We had to pass through my Uncle Joe Borzellino’s barber shop on Schuylkill Avenue in Reading, in order to visit my Grandmother’s home. The barber shop was located in the first room of their row home where my Grandmom lived with her second of three sons and his wife. I don’t remember much about the barber shop because I was always anxious to get into her home, the kitchen and dining room to be exact, because that is where the good smells were coming from. The rooms connected to one other in her narrow home and you had to walk through each one to get to the next. We hit the dining room first, where we saw our dessert- the delicious freshly baked apple pies, cooling on the table that was covered in an Italian lace tablecloth. Then on to the kitchen to eat Sunday dinner, which was something delicious like Ricotta pie with ham and hard salami and multiple Italian cheeses baked into the savory pie, or hand rolled meatballs made with veal and pork. I couldn’t wait to tear into them all.
We went to my Grandmom’s house almost every Sunday. Her long grey hair was always back in a bun at the nape of her neck and she didn’t bother hoisting up her breasts, which were ample and hung low under her cotton, flowered apron with a bib. I don’t recall her ever having the apron off but then again, Sicilian grandmothers did a lot of cooking and baking. And I remember her ring on her finger- a delicate, platinum basket design with a modest diamond in the middle. My grandpop, Serafino, died when my mom was seventeen and we never knew him. My mother said he was very kind and loving and wrote beautiful poetry. Perhaps I take after him as a writer.
When I kissed my Grandmom Borzellino good bye on the outside steps every Sunday, I always said, “See you later,” and she commented, “If I live.”
“Oh Grandmom,” I bemoaned. As a young girl, I thought that silly. Of course, in my mind, she would live for a very long time. Who thought of death? Not a youngster. This was our ritual at every separation.
But she did die, when she was 71 and I was 16. I remember my mother being very, very sad. We kids didn’t know it then but her brother Joe would not let her have her mother’s ring and she was supposed to have it. Actually, we did not learn this fact until ten years later. To an extent, we had been unconscious to our mother and as kids, we dissolved into our own lives- college, boyfriends and the like. It was many years until we realized that we had not seen our relatives on our Italian side for a very long time.
“What’s up with that?” all four of us kids asked. When Mom said that she was hurt by her brother and had not spoken to him all these years, we understood her pain over missing her mother and the robbed ring just compounded her loss, but we all thought enough was enough. We had not seen our cousins for many years and we had been close at one time. One cousin in particular, Bobby, was only three months apart in age from me and although he was the son of another of my mother’s brothers, Mom had drifted away from them all.
“You call up Uncle Joe and make up with him,” we four kids instructed her and remarkably, she listened. She got her relationship back with her siblings, even got her mother’s diamond ring back to boot. For us cousins, however, it was too late. We lost many years of an important family relationship and all us cousins had gone our separate ways. We too had been robbed.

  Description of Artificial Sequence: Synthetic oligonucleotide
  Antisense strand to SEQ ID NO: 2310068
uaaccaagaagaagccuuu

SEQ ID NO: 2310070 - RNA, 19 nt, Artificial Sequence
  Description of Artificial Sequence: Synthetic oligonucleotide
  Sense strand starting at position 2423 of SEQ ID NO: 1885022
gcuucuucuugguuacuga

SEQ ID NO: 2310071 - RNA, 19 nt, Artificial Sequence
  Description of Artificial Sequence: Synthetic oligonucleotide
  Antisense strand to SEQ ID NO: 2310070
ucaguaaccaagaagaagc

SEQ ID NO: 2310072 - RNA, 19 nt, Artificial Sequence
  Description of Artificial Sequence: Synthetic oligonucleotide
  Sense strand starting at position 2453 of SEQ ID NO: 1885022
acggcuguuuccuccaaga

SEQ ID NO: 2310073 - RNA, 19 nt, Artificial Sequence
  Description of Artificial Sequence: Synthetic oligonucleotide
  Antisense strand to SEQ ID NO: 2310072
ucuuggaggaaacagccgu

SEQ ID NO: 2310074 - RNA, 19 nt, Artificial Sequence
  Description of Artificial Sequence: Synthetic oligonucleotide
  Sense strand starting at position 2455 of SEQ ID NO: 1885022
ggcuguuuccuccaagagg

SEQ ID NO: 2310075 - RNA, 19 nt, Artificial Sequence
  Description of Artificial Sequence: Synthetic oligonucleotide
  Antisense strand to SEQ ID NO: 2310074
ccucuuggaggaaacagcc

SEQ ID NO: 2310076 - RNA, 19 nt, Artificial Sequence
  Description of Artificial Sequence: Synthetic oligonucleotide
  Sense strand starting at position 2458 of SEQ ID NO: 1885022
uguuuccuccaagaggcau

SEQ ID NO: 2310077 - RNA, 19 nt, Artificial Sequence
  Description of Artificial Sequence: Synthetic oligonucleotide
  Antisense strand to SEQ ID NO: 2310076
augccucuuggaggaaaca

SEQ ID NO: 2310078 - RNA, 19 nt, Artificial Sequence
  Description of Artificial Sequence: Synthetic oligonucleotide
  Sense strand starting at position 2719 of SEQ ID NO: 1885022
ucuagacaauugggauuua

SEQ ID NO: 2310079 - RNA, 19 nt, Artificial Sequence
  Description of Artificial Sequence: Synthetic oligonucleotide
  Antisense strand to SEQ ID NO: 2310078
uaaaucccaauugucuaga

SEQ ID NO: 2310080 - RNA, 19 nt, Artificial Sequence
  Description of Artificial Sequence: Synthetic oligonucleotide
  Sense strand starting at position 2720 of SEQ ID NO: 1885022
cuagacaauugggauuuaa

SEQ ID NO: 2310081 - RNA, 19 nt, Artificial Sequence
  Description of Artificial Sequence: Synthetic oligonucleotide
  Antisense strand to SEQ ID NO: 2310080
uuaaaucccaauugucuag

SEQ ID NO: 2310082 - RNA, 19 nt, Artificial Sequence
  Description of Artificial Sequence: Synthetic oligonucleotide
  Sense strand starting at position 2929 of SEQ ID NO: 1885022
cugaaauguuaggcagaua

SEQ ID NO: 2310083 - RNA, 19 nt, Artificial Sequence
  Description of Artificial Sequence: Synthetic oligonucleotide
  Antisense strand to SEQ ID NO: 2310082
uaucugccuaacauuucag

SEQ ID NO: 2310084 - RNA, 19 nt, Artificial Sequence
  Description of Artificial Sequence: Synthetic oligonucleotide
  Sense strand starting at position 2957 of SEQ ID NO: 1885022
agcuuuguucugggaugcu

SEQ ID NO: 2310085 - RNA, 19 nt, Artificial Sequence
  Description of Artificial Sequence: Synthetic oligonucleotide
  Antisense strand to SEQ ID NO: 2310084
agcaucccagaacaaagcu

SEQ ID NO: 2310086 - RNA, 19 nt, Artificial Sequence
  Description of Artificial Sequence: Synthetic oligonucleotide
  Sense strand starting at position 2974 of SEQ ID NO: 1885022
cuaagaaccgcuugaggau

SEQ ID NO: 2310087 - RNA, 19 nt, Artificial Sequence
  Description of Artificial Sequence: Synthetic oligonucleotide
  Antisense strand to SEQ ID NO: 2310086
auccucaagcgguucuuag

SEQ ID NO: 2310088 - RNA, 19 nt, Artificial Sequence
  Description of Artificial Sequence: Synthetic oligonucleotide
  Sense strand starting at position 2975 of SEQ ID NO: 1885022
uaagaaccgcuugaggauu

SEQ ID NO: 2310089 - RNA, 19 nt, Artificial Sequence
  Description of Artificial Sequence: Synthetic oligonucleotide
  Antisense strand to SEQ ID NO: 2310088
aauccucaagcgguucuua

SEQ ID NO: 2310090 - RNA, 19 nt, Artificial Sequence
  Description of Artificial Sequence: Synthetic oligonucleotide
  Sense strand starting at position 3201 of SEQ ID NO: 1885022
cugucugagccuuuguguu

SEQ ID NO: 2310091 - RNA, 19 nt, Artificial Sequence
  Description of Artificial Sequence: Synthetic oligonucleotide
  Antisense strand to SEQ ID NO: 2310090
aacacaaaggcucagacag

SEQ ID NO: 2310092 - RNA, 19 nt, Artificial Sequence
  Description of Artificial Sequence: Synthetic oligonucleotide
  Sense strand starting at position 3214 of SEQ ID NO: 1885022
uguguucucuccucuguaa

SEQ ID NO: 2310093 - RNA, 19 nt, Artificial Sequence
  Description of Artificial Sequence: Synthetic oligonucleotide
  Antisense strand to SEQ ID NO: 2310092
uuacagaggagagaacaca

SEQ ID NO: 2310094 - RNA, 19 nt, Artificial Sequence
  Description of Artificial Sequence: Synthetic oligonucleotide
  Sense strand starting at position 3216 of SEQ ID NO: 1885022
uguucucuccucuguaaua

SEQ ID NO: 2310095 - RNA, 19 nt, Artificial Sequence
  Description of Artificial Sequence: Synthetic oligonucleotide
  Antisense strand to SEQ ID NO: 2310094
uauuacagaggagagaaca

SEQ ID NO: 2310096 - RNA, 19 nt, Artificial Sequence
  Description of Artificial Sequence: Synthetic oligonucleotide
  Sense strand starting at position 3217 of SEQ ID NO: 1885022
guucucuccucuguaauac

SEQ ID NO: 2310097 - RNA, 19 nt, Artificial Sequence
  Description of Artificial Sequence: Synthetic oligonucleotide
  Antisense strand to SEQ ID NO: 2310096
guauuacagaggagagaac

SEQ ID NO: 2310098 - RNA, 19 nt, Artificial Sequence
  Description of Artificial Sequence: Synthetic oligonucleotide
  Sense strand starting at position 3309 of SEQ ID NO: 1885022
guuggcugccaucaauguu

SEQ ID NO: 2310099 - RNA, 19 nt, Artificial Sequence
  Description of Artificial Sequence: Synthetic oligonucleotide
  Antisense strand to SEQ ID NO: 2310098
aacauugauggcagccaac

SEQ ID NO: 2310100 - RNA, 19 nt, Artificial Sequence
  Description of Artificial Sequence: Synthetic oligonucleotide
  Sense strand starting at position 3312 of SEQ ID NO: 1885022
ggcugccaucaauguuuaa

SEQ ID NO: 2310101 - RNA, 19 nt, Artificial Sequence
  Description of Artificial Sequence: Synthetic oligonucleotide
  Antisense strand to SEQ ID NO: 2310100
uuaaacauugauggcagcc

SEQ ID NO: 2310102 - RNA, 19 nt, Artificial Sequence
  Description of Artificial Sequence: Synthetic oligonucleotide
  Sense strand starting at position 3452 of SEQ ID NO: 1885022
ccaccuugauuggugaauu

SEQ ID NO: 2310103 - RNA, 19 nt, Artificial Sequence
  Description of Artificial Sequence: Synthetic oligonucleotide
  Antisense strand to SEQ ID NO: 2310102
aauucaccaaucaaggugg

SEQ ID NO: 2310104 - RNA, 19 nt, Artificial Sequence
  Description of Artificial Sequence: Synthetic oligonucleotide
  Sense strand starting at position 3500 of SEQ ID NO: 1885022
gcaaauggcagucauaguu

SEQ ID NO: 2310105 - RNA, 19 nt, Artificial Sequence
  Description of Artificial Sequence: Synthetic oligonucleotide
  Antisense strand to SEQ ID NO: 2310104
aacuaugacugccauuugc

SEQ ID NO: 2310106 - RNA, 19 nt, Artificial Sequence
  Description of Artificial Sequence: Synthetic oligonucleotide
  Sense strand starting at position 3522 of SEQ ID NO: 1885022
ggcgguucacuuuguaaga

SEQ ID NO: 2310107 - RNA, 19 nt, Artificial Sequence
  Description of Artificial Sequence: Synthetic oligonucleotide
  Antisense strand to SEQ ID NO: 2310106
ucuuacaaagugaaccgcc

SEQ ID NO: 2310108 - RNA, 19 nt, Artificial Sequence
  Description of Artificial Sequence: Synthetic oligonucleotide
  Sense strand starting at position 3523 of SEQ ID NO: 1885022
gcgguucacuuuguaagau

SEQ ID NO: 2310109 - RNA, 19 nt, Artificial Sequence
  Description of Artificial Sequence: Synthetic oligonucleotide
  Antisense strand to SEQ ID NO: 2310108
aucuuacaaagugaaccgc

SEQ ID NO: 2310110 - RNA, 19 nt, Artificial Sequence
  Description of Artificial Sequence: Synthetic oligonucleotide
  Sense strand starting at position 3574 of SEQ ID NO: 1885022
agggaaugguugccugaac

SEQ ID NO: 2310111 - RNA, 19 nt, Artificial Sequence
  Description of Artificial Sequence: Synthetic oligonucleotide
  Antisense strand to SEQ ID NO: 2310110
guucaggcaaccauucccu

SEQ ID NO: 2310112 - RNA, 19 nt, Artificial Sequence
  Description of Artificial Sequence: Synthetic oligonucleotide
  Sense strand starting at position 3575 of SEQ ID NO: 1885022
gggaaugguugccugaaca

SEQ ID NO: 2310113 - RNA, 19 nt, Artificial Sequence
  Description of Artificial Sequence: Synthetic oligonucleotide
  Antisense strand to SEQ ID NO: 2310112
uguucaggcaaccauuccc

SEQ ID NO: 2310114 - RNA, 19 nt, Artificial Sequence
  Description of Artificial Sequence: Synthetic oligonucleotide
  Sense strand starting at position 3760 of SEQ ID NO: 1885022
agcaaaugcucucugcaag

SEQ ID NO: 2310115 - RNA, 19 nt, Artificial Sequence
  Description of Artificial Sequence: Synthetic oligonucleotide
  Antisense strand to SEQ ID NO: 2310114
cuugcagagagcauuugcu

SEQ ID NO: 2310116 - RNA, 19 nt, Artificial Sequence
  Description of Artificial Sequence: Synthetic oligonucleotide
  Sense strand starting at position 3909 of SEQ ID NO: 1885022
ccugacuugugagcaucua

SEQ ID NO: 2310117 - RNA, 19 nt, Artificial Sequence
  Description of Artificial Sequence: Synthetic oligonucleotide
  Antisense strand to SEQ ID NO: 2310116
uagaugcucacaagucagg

It has been over thirty years since my mother has gone. Too many years to ask her questions about my Grandmom Borzellino. I know very little. My family and I went back to Sicily a half a dozen years ago and I learned more about my relatives across the ocean than my own grandmother. And then, out of the blue, I received an e-mail from my cousin Bobby. We were 60 now and had both lived a good chunk of our lives. But surprisingly, he loved to hike and loved mountains and nature, painted pictures and played music and built guitars and did woodworking and I couldn’t believe how much we had in common. He was my blood.
He came up to our home to visit the other week and Bobby, my sister, JoAnn, and Todd and I went for a hike on the Blue Mountain. JoAnn was wise enough to know the great gift of Bobby’s return and she would not miss the hike for the world.
We had so much to catch up on. I had no idea if he had kids, how old they were, what kind of job he did, or anything. Forty-five years of life is an overwhelming amount of years to catch up on. I knew, like me, he was happy just to be walking in the forest and so we were just together, not trying to learn everything that first hour.
Bobby walked behind me and when I heard his voice speak to me, in my mind, I saw him as a sixteen-year-old. He sounded the same. I would turn around to speak and was continually shocked to see a balding head, big muscles, tatooes and not a sixteen-year-old, dark, curly-haired kid. We did not talk about what we remembered about Grandmom. Next visit. One conversation we did have was very weird. We were talking about driving late at night and I shared how I love to lick Tootsie pops to stay awake once it is too late in the day to drink coffee. He then showed me a bulge in his raincoat which was tied around his waist. Two tootsie pops. What a weird coincidence. He loved them too. Two grown 60-year-old cousins who love Tootsie pops.
I hugged Bobby hard when I said good bye, my grandmother’s diamond ring on my finger. I won’t let him get away this time. We have too much in common. Our grandmother. Tootsie pops. Our childhood memories which I can’t wait to share. And all those trails we have yet to hike together, making up for lost time. Just because you are robbed of something in life, does not mean you can’t ever get it back.
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